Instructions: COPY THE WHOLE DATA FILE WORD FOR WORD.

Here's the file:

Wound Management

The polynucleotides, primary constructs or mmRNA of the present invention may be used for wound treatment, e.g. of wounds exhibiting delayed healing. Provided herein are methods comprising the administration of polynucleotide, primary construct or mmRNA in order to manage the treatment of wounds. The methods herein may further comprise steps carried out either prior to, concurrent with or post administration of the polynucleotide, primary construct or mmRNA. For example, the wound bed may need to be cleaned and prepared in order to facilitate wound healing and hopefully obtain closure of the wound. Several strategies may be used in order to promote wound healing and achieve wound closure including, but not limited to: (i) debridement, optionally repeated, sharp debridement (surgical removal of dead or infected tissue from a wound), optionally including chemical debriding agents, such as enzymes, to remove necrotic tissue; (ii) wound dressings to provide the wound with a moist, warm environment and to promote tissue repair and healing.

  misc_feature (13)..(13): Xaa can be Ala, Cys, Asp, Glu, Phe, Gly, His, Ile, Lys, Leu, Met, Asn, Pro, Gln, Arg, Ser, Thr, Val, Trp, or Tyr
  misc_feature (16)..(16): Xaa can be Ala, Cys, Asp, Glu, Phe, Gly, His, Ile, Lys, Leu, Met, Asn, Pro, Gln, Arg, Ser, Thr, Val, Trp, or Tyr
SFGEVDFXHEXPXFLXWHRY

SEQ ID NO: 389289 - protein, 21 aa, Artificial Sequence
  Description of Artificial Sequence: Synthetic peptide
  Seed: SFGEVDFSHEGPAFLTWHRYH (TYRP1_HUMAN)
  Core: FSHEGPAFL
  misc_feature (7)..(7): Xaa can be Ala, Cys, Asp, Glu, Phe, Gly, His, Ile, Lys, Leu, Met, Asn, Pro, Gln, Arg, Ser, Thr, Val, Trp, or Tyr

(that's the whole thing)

Wound Management

The polynucleotides, primary constructs or mmRNA of the present invention may be used for wound treatment, e.g. of wounds exhibiting delayed healing. Provided herein are methods comprising the administration of polynucleotide, primary construct or mmRNA in order to manage the treatment of wounds. The methods herein may further comprise steps carried out either prior to, concurrent with or post administration of the polynucleotide, primary construct or mmRNA. For example, the wound bed may need to be cleaned and prepared in order to facilitate wound healing and hopefully obtain closure of the wound. Several strategies may be used in order to promote wound healing and achieve wound closure including, but not limited to: (i) debridement, optionally repeated, sharp debridement (surgical removal of dead or infected tissue from a wound), optionally including chemical debriding agents, such as enzymes, to remove necrotic tissue; (ii) wound dressings to provide the wound with a moist, warm environment and to promote tissue repair and healing.

  misc_feature (13)..(13): Xaa can be Ala, Cys, Asp, Glu, Phe, Gly, His, Ile, Lys, Leu, Met, Asn, Pro, Gln, Arg, Ser, Thr, Val, Trp, or Tyr
  misc_feature (16)..(16): Xaa can be Ala, Cys, Asp, Glu, Phe, Gly, His, Ile, Lys, Leu, Met, Asn, Pro, Gln, Arg, Ser, Thr, Val, Trp, or Tyr
SFGEVDFXHEXPXFLXWHRY

SEQ ID NO: 389289 - protein, 21 aa, Artificial Sequence
  Description of Artificial Sequence: Synthetic peptide
  Seed: SFGEVDFSHEGPAFLTWHRYH (TYRP1_HUMAN)
  Core: FSHEGPAFL
  misc_feature (7)..(7): Xaa can be Ala, Cys, Asp, Glu, Phe, Gly, His, Ile, Lys, Leu, Met, Asn, Pro, Gln, Arg, Ser, Thr, Val, Trp, or Tyr